Disclaimer: This film was reviewed during the 2023 WGA and SAG-AFTRA strikes. And films like these would not exist without the hard work of the actors and writers.
The story of Bram Stoker’s Dracula has sunken its fangs into pop culture since 1897, and his form has evolved throughout the years since his debut. He could be the blood-thirsty charming undead lord or a toxic boss. Whatever the case, the many different iterations and adaptations that exist are a testament to the character’s longevity. But rather than create something contemporary, André Øvredal’s “The Last Voyage of the Demeter” takes a novel approach to Stoker’s story by leafing through the final pages of a captain’s log of the doomed ship.
The film opens up towards what appears to be the end, with a constable and his officers searching the remains of the Demeter which has washed up on the shores of England. It’s a dark and stormy night, and no one knows what went wrong until one of the officers shows up and hands the constable the captain’s log. It’s filled with pages of ominous warnings that there was an evil on board and if the book some how survives anyone who reads it should heed its warning.
Flashing back to a few weeks ago, we are introduced to Clemons (Corey Hawkins), a promising doctor with a Cambridge education who wants to get back to England because he couldn’t find a job in Romania because of the color of his skin. He knows how to read stars and read waters, which would make him the ideal candidate for any ship. Alas, First mate Wojchek (David Dastmalchian) rejects him because he is looking for more brawns than brain. But when one of the shipmates he picks suddenly has second thoughts about the voyage because of one of the crates devilish markings, the crate drops over Toby’s head (Woody Norman). Luckily, Clemons is there to save him. And the ship’s captain (Liam Cunningham) takes notice, and asks Wojchek to be a part of the crew.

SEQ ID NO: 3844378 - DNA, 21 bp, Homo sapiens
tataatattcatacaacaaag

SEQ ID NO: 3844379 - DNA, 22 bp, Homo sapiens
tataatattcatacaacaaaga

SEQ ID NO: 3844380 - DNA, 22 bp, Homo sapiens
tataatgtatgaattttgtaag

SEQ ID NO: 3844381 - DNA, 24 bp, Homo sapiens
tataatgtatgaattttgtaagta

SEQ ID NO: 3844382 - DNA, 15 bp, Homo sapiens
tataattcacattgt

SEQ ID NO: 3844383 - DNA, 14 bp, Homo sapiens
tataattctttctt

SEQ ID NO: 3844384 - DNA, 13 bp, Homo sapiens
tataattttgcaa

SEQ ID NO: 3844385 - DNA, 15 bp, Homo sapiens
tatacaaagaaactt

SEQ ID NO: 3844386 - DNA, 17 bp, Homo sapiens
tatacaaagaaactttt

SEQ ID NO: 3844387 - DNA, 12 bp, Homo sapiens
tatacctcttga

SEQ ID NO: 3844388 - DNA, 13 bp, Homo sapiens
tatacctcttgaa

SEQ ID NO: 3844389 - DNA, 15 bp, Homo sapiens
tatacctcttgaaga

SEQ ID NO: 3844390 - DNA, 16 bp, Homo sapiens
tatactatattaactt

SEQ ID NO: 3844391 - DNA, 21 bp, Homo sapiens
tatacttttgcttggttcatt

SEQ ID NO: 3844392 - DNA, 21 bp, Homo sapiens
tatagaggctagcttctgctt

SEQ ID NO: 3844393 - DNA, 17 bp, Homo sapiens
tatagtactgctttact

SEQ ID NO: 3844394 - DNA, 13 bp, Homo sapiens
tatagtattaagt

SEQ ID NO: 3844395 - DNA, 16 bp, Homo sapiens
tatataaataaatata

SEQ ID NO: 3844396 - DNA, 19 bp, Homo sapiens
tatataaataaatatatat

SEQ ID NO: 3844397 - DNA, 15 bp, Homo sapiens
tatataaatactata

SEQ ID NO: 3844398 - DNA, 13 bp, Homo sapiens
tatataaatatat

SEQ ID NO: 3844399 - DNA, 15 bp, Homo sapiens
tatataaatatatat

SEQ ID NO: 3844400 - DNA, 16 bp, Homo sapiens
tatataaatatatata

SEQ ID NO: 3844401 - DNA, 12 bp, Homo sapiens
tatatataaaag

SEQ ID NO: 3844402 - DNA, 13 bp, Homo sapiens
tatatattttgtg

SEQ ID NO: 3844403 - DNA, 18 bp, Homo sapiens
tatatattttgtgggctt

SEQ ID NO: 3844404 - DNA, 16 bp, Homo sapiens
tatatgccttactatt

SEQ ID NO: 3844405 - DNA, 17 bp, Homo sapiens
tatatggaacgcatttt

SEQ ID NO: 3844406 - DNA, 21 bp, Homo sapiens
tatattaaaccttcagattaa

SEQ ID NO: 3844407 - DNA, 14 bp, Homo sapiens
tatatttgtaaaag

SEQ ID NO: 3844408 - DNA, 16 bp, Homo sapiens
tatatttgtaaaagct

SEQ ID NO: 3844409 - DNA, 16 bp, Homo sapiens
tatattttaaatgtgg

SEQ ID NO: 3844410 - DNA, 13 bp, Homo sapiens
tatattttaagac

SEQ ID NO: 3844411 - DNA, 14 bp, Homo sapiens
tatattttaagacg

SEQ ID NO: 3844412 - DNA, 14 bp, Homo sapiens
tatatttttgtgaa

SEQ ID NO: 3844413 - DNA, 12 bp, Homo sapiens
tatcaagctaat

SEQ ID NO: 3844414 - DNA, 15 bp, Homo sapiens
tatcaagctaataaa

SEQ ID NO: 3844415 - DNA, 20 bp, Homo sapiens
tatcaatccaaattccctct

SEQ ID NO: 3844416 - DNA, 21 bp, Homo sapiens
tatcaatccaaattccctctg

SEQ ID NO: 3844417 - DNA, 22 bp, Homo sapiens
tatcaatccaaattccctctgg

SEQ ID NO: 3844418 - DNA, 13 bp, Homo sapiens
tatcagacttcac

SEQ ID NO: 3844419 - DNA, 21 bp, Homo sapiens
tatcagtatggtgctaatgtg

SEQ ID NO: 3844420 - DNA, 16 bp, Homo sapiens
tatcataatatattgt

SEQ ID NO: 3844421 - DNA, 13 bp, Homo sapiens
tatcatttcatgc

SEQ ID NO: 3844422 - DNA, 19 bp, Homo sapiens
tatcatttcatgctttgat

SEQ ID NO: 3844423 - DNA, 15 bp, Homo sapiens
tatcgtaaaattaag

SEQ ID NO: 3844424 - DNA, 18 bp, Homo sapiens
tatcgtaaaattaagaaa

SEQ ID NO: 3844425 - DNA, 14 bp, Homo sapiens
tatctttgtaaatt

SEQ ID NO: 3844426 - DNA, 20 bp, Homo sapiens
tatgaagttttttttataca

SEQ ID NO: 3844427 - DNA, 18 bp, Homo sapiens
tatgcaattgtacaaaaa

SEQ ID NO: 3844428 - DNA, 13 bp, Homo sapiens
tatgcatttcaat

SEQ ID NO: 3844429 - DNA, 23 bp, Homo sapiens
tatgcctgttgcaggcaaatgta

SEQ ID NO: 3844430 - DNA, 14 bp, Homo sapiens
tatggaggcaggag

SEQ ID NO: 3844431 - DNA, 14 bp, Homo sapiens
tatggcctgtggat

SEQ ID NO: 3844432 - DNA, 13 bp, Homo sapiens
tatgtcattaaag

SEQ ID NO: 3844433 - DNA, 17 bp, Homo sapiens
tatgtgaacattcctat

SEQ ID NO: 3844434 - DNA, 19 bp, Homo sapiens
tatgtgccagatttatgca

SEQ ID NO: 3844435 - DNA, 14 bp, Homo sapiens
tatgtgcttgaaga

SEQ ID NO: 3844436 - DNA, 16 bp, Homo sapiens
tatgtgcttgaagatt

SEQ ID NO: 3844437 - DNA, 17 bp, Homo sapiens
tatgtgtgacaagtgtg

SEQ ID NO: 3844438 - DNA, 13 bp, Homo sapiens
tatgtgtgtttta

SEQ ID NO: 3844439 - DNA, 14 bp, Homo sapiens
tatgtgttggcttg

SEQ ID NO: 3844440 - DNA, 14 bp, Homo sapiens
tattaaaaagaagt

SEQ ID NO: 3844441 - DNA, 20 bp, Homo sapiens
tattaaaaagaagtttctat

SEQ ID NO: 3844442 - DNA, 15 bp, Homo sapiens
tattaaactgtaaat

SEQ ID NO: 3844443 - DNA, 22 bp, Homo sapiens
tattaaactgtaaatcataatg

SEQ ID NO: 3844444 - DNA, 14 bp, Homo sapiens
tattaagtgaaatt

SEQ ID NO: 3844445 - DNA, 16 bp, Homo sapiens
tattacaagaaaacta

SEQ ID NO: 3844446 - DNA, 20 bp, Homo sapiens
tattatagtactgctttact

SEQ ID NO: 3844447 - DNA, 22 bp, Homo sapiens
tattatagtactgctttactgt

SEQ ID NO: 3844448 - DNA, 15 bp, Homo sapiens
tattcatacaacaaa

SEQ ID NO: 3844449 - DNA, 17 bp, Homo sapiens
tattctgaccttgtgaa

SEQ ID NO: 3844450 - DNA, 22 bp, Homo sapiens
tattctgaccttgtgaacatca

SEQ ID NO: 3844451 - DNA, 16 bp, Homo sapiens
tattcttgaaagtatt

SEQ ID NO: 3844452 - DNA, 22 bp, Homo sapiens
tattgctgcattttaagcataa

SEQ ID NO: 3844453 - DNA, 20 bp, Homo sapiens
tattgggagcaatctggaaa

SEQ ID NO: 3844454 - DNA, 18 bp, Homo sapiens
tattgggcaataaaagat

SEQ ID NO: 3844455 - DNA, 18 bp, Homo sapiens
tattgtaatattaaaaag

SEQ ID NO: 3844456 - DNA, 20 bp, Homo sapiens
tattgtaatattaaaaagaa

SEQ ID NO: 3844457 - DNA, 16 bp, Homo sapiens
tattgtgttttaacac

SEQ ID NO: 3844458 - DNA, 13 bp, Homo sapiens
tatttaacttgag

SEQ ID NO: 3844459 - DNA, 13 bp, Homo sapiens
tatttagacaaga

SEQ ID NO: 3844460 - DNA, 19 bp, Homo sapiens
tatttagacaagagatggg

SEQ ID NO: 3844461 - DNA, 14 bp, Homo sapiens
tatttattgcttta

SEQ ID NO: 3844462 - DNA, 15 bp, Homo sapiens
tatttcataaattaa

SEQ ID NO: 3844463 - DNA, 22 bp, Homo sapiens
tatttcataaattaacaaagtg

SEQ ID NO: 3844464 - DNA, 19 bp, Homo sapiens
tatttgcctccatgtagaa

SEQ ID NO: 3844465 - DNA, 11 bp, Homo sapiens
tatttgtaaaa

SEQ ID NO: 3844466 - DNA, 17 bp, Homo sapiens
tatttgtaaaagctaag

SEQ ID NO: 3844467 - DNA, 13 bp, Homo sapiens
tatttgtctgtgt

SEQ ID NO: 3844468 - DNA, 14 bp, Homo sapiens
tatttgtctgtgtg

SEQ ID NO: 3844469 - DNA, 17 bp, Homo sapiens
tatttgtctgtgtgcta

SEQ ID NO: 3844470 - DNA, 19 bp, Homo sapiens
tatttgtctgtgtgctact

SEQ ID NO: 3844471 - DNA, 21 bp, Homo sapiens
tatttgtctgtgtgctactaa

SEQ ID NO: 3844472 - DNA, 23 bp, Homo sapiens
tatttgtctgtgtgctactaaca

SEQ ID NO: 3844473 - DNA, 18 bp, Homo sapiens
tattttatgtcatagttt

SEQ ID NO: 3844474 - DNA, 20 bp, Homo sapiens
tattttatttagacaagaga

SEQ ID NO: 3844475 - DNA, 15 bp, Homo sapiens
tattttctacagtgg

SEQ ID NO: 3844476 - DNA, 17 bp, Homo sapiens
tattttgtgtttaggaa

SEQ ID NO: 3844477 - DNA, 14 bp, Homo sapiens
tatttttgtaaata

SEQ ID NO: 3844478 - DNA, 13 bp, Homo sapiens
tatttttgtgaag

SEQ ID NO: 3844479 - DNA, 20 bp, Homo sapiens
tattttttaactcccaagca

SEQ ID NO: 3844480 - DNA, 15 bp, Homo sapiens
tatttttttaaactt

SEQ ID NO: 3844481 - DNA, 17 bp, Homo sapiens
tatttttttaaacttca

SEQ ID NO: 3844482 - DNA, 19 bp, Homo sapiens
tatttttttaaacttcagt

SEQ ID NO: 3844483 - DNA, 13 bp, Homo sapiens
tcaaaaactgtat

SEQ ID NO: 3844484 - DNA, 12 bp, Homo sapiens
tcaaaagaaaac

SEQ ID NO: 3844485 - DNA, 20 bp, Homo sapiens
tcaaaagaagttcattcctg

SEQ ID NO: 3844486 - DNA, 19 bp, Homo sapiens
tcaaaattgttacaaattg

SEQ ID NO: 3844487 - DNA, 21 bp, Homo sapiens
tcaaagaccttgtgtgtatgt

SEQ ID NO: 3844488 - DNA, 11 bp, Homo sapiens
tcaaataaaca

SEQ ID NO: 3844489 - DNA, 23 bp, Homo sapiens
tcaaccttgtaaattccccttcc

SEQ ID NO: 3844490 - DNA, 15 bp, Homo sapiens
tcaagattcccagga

Eventually, the doomed ship sets sail with the crew, not knowing what they’ve brought aboard. Having not inspected or even secured the cargo properly, one rogue wave breaks a crate and that’s where Clemons finds Anna (Aisling Franciosi). As a doctor, Clemons is obliged to save her life by giving her blood transfusions. However, the other crew members see this as a bad omen. Especially when she as mysterious wounds. And since this film started at the end, we have to assume that whatever created those wounds is also aboard this ship, just waiting to feast on the flesh of the other shipmates.
Given that “The Last Voyage of the Demeter” has a two hour runtime, it takes its time not only with establishing Dracula as a threat but with its kills as well. Much of the film takes place below deck, where it’s dark and gloomy. The ship that was once infested with rats has suddenly gone silent. And the livestock that was caged has been savagedly torn apart. Unfortunately, if you are a dog lover, you won’t like what happens to Huckleberry. But a vampire has got to live, and with the way that Tom Stern and Roman Osin worked in unison to hide the demon was pretty clever. First-person perspectives offer a glimpse of the fear that each of the characters felt, hiding Dracula out of the frame and offers a few well-placed jump scares. The wider shots reveal a more worrying sequence as Dracula sets his sights on his next victim without any of them knowing it. And Javier Botet does a fantastic job as the creature actor in the film, who starts off as a weak and frightened animal hiding in the shadows but eventually gains enough strength with every new kill. And because the ship is so massive, there are plenty of places for him to hide and lurk.